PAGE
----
Teacher Inquiry – have we got the right timeframe?

We made a deliberate decisions this year to split our professional inquiries into two distinct parts, aligned to the professional development we were engaging in as a staff. Term 1 & 2 – an inquiry focused on literacy, Term 3 & 4 – an inquiry focused on maths. As we have wrapped up our literacy inquiries and transitioned from one inquiry to the next, the conversations have centred around the legitimacy of short term inquiries vs annual inquiries and whether either of these approaches are an authentic approach that really enables teachers to inquire into an aspect of their professional practice and result in embedded change. The question I pose is:

Are we limiting the effectiveness and impact of our inquires by constraining them to set timeframes?

Some background first… When I reflect on the professional inquiries I engaged in as a teacher, these were tied into the annual process of appraisal, starting in Term 1 and concluding in Term 4. The following year a new inquiry commences and so on. Similarly, as a principal I have facilitated teachers inquiring into their practice on an annual cycle as part of their performance management. I would suggest that this is a common approach in many NZ schools.

Constraining learning to time limits is a habit in education… but one that is increasingly being challenged in a more flexible and personalised approach to learning and how learning is managed. Not sure what I mean? Just think of your classic daily timetable in a classroom, 10 minutes silent reading, then 45 mins for reading, followed by 15 minutes of handwriting after which we go out for 15 minutes of fitness. Or perhaps think of the times your students are so engaged and focused on their learning only to be interrupted by the bell or ‘needing’ to move to the another area.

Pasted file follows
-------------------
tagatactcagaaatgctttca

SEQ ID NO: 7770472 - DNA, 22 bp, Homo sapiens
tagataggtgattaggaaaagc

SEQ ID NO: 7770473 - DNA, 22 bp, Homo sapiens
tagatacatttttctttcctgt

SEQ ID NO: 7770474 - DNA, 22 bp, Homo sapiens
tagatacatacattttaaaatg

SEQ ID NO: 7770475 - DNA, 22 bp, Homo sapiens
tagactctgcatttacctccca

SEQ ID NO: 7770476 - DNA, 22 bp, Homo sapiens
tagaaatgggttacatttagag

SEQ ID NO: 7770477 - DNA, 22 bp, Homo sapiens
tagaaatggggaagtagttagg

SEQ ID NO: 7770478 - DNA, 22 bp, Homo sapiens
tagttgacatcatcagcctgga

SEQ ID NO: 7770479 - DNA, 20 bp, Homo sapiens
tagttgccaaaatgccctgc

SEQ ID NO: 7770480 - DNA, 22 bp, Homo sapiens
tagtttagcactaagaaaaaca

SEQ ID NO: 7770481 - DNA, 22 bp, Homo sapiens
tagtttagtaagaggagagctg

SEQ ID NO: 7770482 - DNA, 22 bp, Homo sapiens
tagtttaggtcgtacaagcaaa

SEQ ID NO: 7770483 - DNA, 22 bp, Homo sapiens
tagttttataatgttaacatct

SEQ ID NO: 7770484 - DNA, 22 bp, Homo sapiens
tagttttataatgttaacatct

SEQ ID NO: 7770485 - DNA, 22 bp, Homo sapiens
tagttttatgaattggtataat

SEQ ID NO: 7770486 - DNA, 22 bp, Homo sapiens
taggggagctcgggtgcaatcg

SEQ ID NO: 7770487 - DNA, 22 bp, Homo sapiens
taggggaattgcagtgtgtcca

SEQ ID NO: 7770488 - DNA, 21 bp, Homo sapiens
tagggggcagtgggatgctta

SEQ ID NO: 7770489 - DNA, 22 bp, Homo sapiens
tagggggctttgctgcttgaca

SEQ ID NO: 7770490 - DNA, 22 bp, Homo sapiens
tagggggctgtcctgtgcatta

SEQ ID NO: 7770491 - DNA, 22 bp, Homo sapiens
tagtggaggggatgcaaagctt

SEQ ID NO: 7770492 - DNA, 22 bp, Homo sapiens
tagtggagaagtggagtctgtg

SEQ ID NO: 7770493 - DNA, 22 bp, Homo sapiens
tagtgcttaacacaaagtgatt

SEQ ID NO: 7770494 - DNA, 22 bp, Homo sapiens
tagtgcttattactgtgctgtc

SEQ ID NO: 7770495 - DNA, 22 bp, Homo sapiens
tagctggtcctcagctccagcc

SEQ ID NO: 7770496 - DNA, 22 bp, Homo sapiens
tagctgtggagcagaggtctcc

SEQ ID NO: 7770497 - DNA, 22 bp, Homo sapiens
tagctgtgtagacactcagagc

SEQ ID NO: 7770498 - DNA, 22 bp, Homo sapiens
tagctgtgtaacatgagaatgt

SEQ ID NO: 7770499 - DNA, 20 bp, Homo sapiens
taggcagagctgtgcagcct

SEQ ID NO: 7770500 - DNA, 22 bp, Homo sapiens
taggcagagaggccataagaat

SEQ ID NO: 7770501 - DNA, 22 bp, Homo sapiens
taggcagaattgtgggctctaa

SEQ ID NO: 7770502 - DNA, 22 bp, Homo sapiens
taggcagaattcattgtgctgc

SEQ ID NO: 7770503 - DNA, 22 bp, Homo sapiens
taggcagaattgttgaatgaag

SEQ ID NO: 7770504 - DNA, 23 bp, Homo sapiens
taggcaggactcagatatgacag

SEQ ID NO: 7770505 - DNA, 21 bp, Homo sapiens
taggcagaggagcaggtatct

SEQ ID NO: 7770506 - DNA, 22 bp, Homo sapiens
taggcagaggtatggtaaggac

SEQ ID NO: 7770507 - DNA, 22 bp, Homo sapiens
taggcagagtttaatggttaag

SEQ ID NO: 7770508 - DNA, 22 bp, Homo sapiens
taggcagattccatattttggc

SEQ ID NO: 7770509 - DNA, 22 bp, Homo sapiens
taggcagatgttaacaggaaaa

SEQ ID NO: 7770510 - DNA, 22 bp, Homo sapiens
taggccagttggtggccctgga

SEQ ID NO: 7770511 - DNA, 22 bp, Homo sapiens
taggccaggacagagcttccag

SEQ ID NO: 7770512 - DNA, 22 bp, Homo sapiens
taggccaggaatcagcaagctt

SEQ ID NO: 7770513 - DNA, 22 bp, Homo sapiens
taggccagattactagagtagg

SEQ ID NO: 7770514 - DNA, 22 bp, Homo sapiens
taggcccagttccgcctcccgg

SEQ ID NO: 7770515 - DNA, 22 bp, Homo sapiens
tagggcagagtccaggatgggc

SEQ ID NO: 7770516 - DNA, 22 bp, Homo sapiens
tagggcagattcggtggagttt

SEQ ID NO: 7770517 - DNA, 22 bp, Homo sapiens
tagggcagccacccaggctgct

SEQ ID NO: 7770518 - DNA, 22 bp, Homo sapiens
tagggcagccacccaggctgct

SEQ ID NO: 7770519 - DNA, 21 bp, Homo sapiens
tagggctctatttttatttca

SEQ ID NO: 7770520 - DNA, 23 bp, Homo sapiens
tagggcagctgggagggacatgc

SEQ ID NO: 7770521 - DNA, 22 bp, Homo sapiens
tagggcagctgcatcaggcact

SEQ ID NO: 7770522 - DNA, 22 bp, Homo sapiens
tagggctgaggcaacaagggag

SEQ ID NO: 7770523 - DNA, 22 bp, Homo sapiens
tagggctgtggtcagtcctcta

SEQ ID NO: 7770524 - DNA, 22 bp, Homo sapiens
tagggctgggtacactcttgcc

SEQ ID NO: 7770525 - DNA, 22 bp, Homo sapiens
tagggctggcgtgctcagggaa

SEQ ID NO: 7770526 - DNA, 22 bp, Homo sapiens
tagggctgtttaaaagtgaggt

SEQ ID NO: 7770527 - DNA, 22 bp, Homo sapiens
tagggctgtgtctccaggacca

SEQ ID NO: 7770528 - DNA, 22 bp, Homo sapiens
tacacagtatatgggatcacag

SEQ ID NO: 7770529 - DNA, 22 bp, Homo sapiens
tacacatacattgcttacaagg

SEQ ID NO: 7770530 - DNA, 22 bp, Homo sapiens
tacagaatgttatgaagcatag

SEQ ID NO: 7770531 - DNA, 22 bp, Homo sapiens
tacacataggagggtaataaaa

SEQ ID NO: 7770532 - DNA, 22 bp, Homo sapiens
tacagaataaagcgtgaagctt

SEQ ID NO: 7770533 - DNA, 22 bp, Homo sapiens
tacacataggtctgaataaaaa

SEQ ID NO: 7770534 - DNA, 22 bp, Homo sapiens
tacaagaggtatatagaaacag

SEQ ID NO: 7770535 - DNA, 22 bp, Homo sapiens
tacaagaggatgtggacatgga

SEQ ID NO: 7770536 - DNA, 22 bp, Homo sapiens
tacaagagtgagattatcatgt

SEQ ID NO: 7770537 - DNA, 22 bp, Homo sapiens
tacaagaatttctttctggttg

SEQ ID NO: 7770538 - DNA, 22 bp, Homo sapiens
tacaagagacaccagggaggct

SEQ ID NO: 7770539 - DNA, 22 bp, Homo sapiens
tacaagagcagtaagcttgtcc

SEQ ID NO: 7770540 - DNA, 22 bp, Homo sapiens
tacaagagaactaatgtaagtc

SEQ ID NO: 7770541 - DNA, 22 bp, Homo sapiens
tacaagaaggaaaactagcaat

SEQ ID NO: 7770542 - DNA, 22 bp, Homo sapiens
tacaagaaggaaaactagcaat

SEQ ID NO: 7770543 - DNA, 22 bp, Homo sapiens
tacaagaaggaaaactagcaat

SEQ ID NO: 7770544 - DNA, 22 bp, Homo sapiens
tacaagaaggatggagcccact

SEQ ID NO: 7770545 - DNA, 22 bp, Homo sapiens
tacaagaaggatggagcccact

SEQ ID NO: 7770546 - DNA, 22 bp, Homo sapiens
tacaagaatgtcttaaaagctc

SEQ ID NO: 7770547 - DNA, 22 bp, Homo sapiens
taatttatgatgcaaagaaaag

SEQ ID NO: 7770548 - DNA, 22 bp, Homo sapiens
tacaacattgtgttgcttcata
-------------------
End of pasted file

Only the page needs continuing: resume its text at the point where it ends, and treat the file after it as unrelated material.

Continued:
Sometimes time is the enemy, it constrains or limits what we can do. What we can learn.

Let’s transfer that thinking to our professional inquiries which generally go from Term 1 to 4, aligned to a similarly scheduled appraisal process. It makes sense, an individual inquiry is often focused on a target group of students which are in your class, its relevancy is based on the now, related to recently collected and analysed data. Its convenient, it fits with how we organise the school year, works with fixed term positions, allows us to come together as teachers on the same pathway and summarise our findings at the end of the year.

I just wonder though that we are pushing through inquiries too quickly and that changing the focus on an annual basis takes away what could be a richness and depth of inquiry leading to greater outcomes of effective teaching and impacts on student learning. That is not to say that a Term 1-4 inquiry does not have depth and impact, it is a prompt to consider what would happen if we keep building on our developing knowledge over time and at the saturation point we move on, not just because it is the end of the year.

So this may lead to a diversity of inquiries, with agentic teachers driving and managing their own learning. There would be multiple inquires, starting and finishing at different times, adapting to needs, responsive to mastery.

Sounds pretty much like our expectations for learners and learning in our future focused classrooms…

More questions than answers here but a good space for further thinking and investigation. Thanks to Bede for a conversation that prompted some of the thoughts above.

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